MCCS Semper Fit chief retires
June 28, 2009
CAMP FOSTER, Okinawa — The longtime face of Marine Corps Community Services Okinawa athletics and fitness has left the island.
Steve Rowland, a 62-year-old Texan who ran MCCS Semper Fit for the past 10 years, retired from his post Monday and flew to his new home, San Antonio, leaving behind what he calls some "great memories."
"Making sure that all servicemembers, dependents, civilians and youth are provided and have the opportunity to participate in sports," Rowland said of his primary mission as Semper Fit chief.
He points to the mushrooming of new facilities such as the mega-gymnasiums at Camps Hansen and Kinser and Marine Corps Air Station Futenma, a new outdoor complex at Camp Hansen and a host of programs such as the Okinawa Dolphins swim team, each of which came online after Rowland took the Semper Fit post in 1996.
"Take a look at the facilities and programs today and compare them to 13 years ago," he said.
But Rowland was far more than a facilities architect and athletics administrator during his years on Okinawa, which began in 1991 after retiring as a master sergeant following 22 years in the Army.
He served as Amateur Softball Association’s Pacific metro commissioner for eight years and refereed high school football for 11 years as an Okinawa Athletic Officials Association member
He cut his teeth on umpiring in 1980 in Korea, where he was spotted by Bennie Jackson, who since that year has served as Rowland’s counterpart at Area II Sports Support Activity on Yongsan Garrison.
"He’ll be missed," Jackson said of Rowland, adding that when he assumed the Semper Fit chair in 1996, Rowland "really took control of that MWR."
Rowland worked briefly at Torii Station’s fitness center and then moved to the Camp Foster Field House in 1992 before his promotion to Semper Fit chief.
He and the Okinawa Athletic Officials Association helped create the Martin Luther King Invitational Basketball Tournament, starting in 1992. Camp Foster in 1996 also began hosting the Firecracker Shootout softball tournament under Rowland’s guidance; the first fielded 48 teams, still a record for a Pacific tournament.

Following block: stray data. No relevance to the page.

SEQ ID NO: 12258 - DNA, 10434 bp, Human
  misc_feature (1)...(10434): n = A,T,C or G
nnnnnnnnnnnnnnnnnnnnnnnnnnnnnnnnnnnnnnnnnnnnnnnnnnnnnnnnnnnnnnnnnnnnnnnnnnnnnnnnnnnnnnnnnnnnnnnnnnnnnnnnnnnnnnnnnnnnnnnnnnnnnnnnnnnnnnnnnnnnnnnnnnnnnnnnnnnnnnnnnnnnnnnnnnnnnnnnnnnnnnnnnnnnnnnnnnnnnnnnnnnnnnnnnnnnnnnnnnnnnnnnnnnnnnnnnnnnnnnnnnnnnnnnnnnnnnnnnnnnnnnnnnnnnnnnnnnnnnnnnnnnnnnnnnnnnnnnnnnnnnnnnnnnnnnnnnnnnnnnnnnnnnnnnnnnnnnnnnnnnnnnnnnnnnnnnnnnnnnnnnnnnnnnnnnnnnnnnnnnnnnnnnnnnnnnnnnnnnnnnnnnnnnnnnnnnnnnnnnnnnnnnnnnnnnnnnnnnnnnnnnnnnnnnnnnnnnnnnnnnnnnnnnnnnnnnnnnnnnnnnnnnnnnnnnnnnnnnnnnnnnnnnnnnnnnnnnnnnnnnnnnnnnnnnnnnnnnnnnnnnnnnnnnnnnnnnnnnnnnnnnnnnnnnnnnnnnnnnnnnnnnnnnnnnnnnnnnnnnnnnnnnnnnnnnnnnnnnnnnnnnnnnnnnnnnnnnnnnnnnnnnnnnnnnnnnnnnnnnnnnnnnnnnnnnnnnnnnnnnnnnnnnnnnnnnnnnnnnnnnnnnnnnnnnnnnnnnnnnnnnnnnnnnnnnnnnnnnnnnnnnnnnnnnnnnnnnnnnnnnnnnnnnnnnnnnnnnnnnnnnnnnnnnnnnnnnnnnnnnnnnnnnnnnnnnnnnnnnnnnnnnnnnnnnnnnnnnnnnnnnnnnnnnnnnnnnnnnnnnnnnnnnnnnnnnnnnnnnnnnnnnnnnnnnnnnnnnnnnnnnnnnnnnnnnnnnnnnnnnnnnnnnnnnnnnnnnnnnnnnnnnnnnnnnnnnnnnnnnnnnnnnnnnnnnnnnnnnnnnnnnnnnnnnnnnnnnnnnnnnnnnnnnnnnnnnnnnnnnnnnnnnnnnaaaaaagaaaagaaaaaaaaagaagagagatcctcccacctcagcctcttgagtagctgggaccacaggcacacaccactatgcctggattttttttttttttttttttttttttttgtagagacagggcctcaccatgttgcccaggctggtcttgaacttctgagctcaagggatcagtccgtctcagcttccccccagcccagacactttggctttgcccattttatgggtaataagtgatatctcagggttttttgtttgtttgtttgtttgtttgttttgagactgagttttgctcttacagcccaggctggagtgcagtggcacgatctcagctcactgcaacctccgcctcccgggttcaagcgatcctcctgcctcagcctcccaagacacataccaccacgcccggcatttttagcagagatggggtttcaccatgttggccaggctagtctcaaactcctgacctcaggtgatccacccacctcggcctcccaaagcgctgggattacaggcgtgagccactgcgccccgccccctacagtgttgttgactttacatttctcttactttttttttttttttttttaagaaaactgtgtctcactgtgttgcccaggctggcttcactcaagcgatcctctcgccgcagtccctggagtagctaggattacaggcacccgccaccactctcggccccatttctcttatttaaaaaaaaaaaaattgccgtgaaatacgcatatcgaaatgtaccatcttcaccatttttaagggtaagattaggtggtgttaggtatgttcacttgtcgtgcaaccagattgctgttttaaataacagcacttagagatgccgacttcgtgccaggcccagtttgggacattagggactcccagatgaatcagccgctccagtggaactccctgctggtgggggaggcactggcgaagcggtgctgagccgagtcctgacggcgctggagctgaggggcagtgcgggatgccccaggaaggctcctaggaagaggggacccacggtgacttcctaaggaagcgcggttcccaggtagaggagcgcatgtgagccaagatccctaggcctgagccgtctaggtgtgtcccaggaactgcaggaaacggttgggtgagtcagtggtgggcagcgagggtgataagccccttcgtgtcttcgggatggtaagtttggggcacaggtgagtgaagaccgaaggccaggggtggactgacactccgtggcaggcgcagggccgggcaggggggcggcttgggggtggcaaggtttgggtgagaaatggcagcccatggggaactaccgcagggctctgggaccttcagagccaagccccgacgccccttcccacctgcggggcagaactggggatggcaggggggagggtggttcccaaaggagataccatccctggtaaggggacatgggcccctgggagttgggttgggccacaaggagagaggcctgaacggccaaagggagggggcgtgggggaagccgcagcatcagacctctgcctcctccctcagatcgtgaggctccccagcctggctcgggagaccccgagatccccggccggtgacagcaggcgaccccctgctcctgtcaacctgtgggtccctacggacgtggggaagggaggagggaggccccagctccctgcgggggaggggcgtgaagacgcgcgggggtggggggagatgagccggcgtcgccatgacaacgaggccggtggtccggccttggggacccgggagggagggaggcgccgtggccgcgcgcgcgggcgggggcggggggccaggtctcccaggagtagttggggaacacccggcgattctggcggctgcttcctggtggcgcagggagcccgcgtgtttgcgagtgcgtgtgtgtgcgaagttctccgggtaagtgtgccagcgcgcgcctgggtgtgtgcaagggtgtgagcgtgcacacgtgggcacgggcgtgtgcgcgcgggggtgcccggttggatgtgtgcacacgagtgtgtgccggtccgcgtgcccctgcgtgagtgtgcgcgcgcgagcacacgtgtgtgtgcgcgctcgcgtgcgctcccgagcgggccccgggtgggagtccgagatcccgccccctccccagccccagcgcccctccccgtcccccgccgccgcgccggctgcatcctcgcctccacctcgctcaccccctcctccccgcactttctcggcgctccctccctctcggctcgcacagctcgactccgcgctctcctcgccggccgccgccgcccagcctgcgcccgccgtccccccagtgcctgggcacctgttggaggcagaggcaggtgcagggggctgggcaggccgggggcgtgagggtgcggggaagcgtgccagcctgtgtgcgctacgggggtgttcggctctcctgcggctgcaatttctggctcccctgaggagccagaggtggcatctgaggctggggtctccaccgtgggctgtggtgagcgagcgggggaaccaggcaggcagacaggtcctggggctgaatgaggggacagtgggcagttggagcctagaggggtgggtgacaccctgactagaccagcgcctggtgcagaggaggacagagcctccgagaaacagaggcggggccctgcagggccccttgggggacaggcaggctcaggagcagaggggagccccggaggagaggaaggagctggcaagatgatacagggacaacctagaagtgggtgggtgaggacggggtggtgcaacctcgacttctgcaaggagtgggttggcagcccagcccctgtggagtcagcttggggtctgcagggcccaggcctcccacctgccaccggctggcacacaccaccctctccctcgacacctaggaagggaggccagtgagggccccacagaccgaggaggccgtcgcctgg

During that span, Rowland also found time to help coach Pacific Force, the now-defunct Far East softball power that won 39 Grand Slam tournament titles between 1989 and 2004 — including 10 straight from 1997-99, a run that included an historic calendar Grand Slam sweep in 1998.
"Grand Slam," Rowland said. "There were so many teams out there at the time wanting to do that. We just put it all together."
Perhaps a bigger point of pride, Rowland said, was Pacific Force placing seven of its members on the 1999 All-Armed Forces team — outfielders Byron Randolph, Gary Chaney, Lonnie Dillard and Tommy Carlo, infielders Armando Delsi and Stu Saylor and assistant coach Nathan Hales.
"Never forget those boys," he said.
Rowland also helped put the Okinawa Football League on the map in 2004, but it lasted just two seasons, victim of budget cuts and troop deployments in support of Operations Iraqi and Enduring Freedom. Even the MLK and Firecracker went by the boards for three years until 2008.
"We had a mission to do," Rowland said. "Funding wasn’t as strong as before. We couldn’t sponsor a lot of things, cutting out events because of people deployed. For three years, no MLK, no Firecracker. When we got those back, I was a happy camper."
Rowland and his wife Song have been married for 35 years. They have one son, Willie, a 1996 Kadena High School graduate, and two grandchildren.
"The people in general," Rowland said he’ll miss most of his time in the Pacific.